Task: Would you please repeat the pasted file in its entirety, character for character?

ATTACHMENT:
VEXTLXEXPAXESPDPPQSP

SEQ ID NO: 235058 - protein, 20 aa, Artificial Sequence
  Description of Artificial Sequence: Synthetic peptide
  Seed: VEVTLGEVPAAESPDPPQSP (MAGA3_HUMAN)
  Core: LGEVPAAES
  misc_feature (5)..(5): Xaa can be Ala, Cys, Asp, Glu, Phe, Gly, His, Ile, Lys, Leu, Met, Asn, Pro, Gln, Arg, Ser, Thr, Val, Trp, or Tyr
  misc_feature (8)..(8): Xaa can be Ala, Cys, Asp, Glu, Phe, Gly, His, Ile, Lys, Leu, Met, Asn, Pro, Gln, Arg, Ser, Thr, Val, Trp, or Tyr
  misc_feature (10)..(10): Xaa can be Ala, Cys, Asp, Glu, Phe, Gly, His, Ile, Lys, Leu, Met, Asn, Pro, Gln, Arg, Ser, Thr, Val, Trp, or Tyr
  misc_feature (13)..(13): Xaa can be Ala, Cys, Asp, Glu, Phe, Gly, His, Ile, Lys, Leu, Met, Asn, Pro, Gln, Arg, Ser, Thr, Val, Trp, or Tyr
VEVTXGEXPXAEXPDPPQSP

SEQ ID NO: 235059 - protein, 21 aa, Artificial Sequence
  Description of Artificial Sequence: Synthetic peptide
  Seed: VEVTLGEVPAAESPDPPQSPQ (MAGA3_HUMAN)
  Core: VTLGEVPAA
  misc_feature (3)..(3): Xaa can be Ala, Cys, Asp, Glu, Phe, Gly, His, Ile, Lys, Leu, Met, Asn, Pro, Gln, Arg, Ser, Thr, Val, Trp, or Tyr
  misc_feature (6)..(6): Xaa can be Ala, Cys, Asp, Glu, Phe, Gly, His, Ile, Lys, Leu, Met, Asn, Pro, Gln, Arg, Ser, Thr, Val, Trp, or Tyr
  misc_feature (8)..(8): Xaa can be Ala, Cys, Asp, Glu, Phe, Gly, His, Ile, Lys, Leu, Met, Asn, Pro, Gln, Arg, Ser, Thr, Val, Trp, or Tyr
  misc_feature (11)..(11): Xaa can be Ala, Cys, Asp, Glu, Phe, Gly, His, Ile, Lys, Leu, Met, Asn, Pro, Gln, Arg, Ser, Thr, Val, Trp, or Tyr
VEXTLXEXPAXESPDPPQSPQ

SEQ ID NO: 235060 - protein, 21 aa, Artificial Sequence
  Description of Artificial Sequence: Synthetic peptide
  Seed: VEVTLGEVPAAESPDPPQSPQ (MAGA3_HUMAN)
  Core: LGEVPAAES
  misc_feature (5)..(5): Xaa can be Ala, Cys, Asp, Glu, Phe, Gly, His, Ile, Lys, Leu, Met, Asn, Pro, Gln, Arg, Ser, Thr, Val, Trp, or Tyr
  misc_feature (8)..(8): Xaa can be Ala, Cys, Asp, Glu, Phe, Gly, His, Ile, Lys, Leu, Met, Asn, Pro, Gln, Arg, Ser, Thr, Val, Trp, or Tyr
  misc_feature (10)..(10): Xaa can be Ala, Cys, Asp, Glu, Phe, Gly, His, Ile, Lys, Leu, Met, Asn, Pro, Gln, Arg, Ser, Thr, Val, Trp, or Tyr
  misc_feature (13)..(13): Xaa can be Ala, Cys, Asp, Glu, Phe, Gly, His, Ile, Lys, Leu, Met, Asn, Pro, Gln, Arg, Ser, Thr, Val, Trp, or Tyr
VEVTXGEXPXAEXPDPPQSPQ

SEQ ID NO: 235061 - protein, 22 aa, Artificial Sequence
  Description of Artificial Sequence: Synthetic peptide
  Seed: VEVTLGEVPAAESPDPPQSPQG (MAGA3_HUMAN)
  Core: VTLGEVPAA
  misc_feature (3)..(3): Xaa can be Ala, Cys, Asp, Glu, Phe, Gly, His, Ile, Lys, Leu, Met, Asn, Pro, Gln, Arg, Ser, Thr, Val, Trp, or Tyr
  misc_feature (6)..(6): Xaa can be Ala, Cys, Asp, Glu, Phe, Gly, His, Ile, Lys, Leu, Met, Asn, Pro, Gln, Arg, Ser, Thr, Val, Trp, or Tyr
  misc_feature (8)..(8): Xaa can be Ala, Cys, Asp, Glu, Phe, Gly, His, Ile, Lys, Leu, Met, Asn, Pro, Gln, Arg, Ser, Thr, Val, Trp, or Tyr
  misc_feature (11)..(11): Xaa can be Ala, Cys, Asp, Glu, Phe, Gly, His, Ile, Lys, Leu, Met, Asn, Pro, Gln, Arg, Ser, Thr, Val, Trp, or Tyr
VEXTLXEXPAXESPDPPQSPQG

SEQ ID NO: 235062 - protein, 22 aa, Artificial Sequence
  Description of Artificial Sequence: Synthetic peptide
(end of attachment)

VEXTLXEXPAXESPDPPQSP

SEQ ID NO: 235058 - protein, 20 aa, Artificial Sequence
  Description of Artificial Sequence: Synthetic peptide
  Seed: VEVTLGEVPAAESPDPPQSP (MAGA3_HUMAN)
  Core: LGEVPAAES
  misc_feature (5)..(5): Xaa can be Ala, Cys, Asp, Glu, Phe, Gly, His, Ile, Lys, Leu, Met, Asn, Pro, Gln, Arg, Ser, Thr, Val, Trp, or Tyr
  misc_feature (8)..(8): Xaa can be Ala, Cys, Asp, Glu, Phe, Gly, His, Ile, Lys, Leu, Met, Asn, Pro, Gln, Arg, Ser, Thr, Val, Trp, or Tyr
  misc_feature (10)..(10): Xaa can be Ala, Cys, Asp, Glu, Phe, Gly, His, Ile, Lys, Leu, Met, Asn, Pro, Gln, Arg, Ser, Thr, Val, Trp, or Tyr
  misc_feature (13)..(13): Xaa can be Ala, Cys, Asp, Glu, Phe, Gly, His, Ile, Lys, Leu, Met, Asn, Pro, Gln, Arg, Ser, Thr, Val, Trp, or Tyr
VEVTXGEXPXAEXPDPPQSP

SEQ ID NO: 235059 - protein, 21 aa, Artificial Sequence
  Description of Artificial Sequence: Synthetic peptide
  Seed: VEVTLGEVPAAESPDPPQSPQ (MAGA3_HUMAN)
  Core: VTLGEVPAA
  misc_feature (3)..(3): Xaa can be Ala, Cys, Asp, Glu, Phe, Gly, His, Ile, Lys, Leu, Met, Asn, Pro, Gln, Arg, Ser, Thr, Val, Trp, or Tyr
  misc_feature (6)..(6): Xaa can be Ala, Cys, Asp, Glu, Phe, Gly, His, Ile, Lys, Leu, Met, Asn, Pro, Gln, Arg, Ser, Thr, Val, Trp, or Tyr
  misc_feature (8)..(8): Xaa can be Ala, Cys, Asp, Glu, Phe, Gly, His, Ile, Lys, Leu, Met, Asn, Pro, Gln, Arg, Ser, Thr, Val, Trp, or Tyr
  misc_feature (11)..(11): Xaa can be Ala, Cys, Asp, Glu, Phe, Gly, His, Ile, Lys, Leu, Met, Asn, Pro, Gln, Arg, Ser, Thr, Val, Trp, or Tyr
VEXTLXEXPAXESPDPPQSPQ

SEQ ID NO: 235060 - protein, 21 aa, Artificial Sequence
  Description of Artificial Sequence: Synthetic peptide
  Seed: VEVTLGEVPAAESPDPPQSPQ (MAGA3_HUMAN)
  Core: LGEVPAAES
  misc_feature (5)..(5): Xaa can be Ala, Cys, Asp, Glu, Phe, Gly, His, Ile, Lys, Leu, Met, Asn, Pro, Gln, Arg, Ser, Thr, Val, Trp, or Tyr
  misc_feature (8)..(8): Xaa can be Ala, Cys, Asp, Glu, Phe, Gly, His, Ile, Lys, Leu, Met, Asn, Pro, Gln, Arg, Ser, Thr, Val, Trp, or Tyr
  misc_feature (10)..(10): Xaa can be Ala, Cys, Asp, Glu, Phe, Gly, His, Ile, Lys, Leu, Met, Asn, Pro, Gln, Arg, Ser, Thr, Val, Trp, or Tyr
  misc_feature (13)..(13): Xaa can be Ala, Cys, Asp, Glu, Phe, Gly, His, Ile, Lys, Leu, Met, Asn, Pro, Gln, Arg, Ser, Thr, Val, Trp, or Tyr
VEVTXGEXPXAEXPDPPQSPQ

SEQ ID NO: 235061 - protein, 22 aa, Artificial Sequence
  Description of Artificial Sequence: Synthetic peptide
  Seed: VEVTLGEVPAAESPDPPQSPQG (MAGA3_HUMAN)
  Core: VTLGEVPAA
  misc_feature (3)..(3): Xaa can be Ala, Cys, Asp, Glu, Phe, Gly, His, Ile, Lys, Leu, Met, Asn, Pro, Gln, Arg, Ser, Thr, Val, Trp, or Tyr
  misc_feature (6)..(6): Xaa can be Ala, Cys, Asp, Glu, Phe, Gly, His, Ile, Lys, Leu, Met, Asn, Pro, Gln, Arg, Ser, Thr, Val, Trp, or Tyr
  misc_feature (8)..(8): Xaa can be Ala, Cys, Asp, Glu, Phe, Gly, His, Ile, Lys, Leu, Met, Asn, Pro, Gln, Arg, Ser, Thr, Val, Trp, or Tyr
  misc_feature (11)..(11): Xaa can be Ala, Cys, Asp, Glu, Phe, Gly, His, Ile, Lys, Leu, Met, Asn, Pro, Gln, Arg, Ser, Thr, Val, Trp, or Tyr
VEXTLXEXPAXESPDPPQSPQG

SEQ ID NO: 235062 - protein, 22 aa, Artificial Sequence
  Description of Artificial Sequence: Synthetic peptide